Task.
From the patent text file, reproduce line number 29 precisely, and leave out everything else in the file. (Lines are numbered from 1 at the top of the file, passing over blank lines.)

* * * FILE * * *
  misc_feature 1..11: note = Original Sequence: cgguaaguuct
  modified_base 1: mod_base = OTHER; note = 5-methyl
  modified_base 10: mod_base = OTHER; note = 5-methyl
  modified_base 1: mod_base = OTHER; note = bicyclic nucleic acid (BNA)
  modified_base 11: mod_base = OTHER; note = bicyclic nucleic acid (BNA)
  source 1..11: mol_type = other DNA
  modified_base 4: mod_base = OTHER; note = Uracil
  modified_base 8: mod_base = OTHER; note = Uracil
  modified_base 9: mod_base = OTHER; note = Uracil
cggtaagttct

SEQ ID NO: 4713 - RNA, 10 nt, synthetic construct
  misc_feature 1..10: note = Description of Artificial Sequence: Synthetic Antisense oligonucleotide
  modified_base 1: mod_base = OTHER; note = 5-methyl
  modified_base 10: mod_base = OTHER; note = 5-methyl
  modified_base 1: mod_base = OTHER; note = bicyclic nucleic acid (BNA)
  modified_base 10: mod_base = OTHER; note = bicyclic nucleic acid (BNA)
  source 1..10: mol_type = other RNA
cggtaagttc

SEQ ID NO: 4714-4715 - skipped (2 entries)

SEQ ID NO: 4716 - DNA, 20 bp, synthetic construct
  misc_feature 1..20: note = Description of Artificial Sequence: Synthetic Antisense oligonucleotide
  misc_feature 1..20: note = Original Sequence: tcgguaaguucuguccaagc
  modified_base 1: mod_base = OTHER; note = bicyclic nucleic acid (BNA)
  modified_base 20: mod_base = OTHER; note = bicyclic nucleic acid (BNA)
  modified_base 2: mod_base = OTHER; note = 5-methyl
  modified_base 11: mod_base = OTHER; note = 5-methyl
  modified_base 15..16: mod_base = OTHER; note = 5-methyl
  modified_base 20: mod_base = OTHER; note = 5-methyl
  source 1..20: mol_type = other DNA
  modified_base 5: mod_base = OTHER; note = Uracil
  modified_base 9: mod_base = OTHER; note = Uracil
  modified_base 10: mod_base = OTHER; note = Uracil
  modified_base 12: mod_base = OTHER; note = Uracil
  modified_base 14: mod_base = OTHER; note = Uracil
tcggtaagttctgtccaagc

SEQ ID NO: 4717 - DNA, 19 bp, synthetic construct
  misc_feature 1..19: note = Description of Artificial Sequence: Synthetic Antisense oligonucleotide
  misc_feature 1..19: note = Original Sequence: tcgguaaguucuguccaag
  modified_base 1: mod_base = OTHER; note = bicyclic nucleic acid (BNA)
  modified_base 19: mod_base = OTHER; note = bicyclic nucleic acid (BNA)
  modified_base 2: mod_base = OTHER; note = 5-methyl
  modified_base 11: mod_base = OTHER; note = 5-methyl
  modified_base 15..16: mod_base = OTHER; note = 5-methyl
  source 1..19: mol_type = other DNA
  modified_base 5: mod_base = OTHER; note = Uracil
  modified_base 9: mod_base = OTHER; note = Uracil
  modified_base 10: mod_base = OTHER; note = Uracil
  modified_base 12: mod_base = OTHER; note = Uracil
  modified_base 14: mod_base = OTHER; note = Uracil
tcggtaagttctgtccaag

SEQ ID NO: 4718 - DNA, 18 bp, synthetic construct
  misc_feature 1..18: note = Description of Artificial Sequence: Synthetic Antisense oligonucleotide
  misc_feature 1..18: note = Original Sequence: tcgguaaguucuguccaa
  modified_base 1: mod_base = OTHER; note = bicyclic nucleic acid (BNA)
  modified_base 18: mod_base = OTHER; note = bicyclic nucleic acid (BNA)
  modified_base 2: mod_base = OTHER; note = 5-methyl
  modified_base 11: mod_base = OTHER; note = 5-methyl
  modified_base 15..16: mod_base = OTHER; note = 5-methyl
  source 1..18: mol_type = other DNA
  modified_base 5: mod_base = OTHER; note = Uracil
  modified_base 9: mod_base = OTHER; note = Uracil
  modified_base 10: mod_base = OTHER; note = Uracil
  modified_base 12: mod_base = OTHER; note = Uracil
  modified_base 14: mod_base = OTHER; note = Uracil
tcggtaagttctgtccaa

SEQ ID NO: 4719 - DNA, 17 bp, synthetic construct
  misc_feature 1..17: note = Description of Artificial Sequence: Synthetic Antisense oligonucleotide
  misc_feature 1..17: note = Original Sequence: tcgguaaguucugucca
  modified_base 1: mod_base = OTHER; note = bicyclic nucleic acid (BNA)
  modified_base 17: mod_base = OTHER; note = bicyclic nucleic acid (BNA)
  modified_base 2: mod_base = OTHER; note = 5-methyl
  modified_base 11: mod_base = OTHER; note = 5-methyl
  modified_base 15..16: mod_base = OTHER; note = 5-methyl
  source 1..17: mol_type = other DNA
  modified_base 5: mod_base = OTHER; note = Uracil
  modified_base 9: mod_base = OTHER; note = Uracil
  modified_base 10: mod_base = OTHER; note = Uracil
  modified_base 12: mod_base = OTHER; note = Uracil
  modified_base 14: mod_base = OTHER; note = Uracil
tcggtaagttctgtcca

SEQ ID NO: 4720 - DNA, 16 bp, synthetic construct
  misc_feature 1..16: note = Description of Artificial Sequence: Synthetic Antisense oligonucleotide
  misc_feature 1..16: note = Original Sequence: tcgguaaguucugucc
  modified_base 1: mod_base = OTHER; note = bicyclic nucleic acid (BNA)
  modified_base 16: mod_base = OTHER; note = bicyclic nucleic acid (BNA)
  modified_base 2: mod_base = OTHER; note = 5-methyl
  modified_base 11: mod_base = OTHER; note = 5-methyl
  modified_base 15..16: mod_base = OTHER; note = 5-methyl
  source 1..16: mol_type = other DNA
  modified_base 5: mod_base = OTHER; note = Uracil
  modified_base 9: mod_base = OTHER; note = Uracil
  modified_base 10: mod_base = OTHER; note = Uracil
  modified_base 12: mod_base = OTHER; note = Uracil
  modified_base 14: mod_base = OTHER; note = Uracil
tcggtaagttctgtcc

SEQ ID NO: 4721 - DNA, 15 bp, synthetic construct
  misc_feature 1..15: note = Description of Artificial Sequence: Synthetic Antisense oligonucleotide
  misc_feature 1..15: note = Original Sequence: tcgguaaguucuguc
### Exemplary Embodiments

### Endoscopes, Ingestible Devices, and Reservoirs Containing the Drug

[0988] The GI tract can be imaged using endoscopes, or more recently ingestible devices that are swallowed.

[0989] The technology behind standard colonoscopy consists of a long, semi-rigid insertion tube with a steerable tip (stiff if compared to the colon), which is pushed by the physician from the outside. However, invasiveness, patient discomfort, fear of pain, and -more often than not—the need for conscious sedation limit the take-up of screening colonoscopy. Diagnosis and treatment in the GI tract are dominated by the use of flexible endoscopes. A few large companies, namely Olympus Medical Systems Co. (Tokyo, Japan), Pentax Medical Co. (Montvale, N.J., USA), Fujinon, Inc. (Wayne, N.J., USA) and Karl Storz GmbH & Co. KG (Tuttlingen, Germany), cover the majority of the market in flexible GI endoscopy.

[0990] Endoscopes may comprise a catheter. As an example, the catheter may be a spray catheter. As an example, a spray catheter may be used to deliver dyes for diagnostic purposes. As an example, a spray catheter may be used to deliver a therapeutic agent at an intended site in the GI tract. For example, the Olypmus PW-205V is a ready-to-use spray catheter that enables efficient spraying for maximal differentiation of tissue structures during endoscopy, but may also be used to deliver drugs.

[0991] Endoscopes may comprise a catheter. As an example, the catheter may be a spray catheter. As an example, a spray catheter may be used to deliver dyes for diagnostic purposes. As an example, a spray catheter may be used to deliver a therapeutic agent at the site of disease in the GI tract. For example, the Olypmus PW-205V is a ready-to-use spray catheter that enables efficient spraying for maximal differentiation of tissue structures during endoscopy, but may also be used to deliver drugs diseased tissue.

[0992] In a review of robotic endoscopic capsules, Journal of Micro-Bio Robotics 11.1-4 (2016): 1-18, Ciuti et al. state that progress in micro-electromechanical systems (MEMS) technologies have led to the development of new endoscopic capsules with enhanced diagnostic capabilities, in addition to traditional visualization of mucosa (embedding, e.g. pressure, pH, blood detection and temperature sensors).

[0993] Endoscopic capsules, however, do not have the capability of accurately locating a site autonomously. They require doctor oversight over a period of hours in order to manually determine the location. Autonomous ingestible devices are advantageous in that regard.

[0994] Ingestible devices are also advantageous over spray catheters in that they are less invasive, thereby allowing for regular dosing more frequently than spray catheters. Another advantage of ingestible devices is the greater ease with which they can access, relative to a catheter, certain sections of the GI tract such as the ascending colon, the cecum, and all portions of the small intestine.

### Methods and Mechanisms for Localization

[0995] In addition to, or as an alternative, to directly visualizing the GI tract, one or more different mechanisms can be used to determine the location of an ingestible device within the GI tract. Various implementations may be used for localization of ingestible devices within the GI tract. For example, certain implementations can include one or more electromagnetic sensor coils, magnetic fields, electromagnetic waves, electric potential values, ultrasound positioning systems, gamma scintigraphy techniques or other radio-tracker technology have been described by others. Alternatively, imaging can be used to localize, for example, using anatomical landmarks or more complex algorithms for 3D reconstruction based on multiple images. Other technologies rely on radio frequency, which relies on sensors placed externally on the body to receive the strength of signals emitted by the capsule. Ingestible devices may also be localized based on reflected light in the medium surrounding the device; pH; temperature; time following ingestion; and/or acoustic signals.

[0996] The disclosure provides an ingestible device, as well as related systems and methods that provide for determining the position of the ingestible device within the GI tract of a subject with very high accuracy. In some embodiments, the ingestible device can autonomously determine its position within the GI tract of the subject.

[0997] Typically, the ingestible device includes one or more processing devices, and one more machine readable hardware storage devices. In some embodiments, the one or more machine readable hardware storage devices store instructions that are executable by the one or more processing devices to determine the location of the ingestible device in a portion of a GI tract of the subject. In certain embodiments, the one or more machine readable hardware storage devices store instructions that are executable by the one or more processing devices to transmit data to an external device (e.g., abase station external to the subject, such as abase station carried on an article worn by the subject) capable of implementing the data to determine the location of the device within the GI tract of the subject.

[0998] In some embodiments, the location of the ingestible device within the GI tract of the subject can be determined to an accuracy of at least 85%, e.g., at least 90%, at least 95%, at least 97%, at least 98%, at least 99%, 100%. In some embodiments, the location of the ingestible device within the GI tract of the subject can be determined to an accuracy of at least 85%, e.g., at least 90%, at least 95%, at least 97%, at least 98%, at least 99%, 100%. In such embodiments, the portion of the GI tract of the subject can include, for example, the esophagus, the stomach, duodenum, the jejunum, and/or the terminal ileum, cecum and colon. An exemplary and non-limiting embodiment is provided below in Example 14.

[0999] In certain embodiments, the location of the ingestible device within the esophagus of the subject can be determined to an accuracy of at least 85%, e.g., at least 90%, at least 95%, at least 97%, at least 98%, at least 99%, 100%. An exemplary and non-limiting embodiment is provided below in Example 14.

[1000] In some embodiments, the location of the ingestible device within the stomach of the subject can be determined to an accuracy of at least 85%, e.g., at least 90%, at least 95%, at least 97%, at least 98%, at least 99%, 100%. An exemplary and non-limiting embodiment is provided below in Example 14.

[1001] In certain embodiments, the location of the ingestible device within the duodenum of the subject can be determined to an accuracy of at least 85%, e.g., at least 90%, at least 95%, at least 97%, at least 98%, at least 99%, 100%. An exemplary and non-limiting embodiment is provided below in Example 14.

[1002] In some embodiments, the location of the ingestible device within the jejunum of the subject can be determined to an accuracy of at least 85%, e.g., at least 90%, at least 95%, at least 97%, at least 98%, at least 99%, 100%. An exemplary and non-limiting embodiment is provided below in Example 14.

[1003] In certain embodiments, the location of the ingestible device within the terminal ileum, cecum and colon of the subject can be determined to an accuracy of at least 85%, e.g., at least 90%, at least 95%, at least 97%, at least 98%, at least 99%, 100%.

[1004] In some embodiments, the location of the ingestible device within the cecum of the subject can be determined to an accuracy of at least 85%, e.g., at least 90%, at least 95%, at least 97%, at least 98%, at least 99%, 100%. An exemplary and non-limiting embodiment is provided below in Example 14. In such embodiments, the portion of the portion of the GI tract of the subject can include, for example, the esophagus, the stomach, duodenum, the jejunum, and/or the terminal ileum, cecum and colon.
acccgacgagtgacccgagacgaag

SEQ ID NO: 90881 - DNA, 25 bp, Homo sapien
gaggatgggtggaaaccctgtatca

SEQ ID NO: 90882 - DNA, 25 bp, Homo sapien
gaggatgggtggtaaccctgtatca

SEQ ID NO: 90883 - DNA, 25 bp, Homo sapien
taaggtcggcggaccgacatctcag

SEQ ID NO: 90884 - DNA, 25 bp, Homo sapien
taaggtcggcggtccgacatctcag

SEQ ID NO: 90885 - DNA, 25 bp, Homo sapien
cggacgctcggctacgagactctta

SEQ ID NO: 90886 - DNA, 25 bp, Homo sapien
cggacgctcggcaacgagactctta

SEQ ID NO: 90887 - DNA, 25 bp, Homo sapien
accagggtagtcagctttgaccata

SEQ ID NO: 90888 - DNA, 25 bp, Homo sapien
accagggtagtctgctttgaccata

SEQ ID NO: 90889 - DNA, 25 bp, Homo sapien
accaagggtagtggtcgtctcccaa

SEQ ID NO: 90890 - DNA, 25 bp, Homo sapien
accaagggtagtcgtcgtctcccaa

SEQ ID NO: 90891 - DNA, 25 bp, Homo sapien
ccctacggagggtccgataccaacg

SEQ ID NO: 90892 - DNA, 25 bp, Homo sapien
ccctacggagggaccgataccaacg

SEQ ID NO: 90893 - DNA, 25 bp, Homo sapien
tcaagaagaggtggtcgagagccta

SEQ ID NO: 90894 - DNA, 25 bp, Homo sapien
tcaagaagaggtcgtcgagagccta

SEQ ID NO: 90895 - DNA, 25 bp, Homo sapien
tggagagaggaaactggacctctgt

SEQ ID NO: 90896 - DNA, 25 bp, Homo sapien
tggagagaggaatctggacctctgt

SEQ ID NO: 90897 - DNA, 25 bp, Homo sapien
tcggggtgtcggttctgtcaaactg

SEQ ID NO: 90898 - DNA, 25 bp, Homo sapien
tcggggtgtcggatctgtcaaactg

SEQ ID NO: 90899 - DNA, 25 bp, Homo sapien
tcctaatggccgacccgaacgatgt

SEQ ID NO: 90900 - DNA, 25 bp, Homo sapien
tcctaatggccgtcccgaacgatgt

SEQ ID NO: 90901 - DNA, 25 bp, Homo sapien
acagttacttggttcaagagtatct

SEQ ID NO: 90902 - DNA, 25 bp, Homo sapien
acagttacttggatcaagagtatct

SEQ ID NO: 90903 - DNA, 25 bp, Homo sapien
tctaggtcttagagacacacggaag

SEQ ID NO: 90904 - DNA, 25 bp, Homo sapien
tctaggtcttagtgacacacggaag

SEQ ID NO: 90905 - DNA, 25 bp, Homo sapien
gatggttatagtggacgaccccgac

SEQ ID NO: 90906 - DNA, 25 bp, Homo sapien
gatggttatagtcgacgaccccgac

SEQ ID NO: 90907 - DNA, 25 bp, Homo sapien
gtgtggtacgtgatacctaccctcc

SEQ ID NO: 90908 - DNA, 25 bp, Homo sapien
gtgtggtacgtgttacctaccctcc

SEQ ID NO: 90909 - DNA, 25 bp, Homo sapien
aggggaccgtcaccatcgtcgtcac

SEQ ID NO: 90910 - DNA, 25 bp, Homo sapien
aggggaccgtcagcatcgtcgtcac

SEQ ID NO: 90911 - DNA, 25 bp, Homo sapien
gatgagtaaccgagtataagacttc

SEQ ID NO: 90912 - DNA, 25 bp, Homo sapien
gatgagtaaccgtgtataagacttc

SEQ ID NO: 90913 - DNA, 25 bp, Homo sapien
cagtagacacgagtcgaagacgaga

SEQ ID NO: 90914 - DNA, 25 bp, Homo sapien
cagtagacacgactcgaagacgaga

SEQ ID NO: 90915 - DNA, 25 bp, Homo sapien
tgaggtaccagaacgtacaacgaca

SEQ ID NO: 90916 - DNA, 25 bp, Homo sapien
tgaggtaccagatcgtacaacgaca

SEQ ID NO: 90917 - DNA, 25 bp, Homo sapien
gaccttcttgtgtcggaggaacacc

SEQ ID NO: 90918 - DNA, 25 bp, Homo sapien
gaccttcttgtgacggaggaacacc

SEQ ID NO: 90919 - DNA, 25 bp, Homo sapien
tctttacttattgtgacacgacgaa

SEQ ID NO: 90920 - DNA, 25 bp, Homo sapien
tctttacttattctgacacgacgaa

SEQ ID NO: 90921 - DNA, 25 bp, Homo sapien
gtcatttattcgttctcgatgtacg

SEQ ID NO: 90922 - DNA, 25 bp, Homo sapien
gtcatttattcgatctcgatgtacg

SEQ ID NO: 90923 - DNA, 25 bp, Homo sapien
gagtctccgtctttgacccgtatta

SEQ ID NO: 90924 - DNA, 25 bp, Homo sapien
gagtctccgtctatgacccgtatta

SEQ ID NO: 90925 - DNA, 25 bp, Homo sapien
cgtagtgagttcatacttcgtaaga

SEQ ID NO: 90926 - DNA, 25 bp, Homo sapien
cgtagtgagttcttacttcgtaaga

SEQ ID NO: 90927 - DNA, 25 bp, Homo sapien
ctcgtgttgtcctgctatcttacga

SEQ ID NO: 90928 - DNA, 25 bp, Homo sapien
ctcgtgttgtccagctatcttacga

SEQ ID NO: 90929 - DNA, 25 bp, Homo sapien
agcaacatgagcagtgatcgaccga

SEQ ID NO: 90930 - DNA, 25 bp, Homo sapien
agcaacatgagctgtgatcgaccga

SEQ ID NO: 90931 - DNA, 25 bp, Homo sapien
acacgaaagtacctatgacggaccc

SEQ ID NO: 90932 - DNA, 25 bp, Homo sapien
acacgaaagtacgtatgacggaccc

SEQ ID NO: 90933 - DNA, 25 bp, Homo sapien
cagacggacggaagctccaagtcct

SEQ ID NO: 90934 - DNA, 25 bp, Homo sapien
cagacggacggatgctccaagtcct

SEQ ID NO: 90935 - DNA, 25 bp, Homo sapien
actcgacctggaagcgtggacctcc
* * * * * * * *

  source 1..20: mol_type = other DNA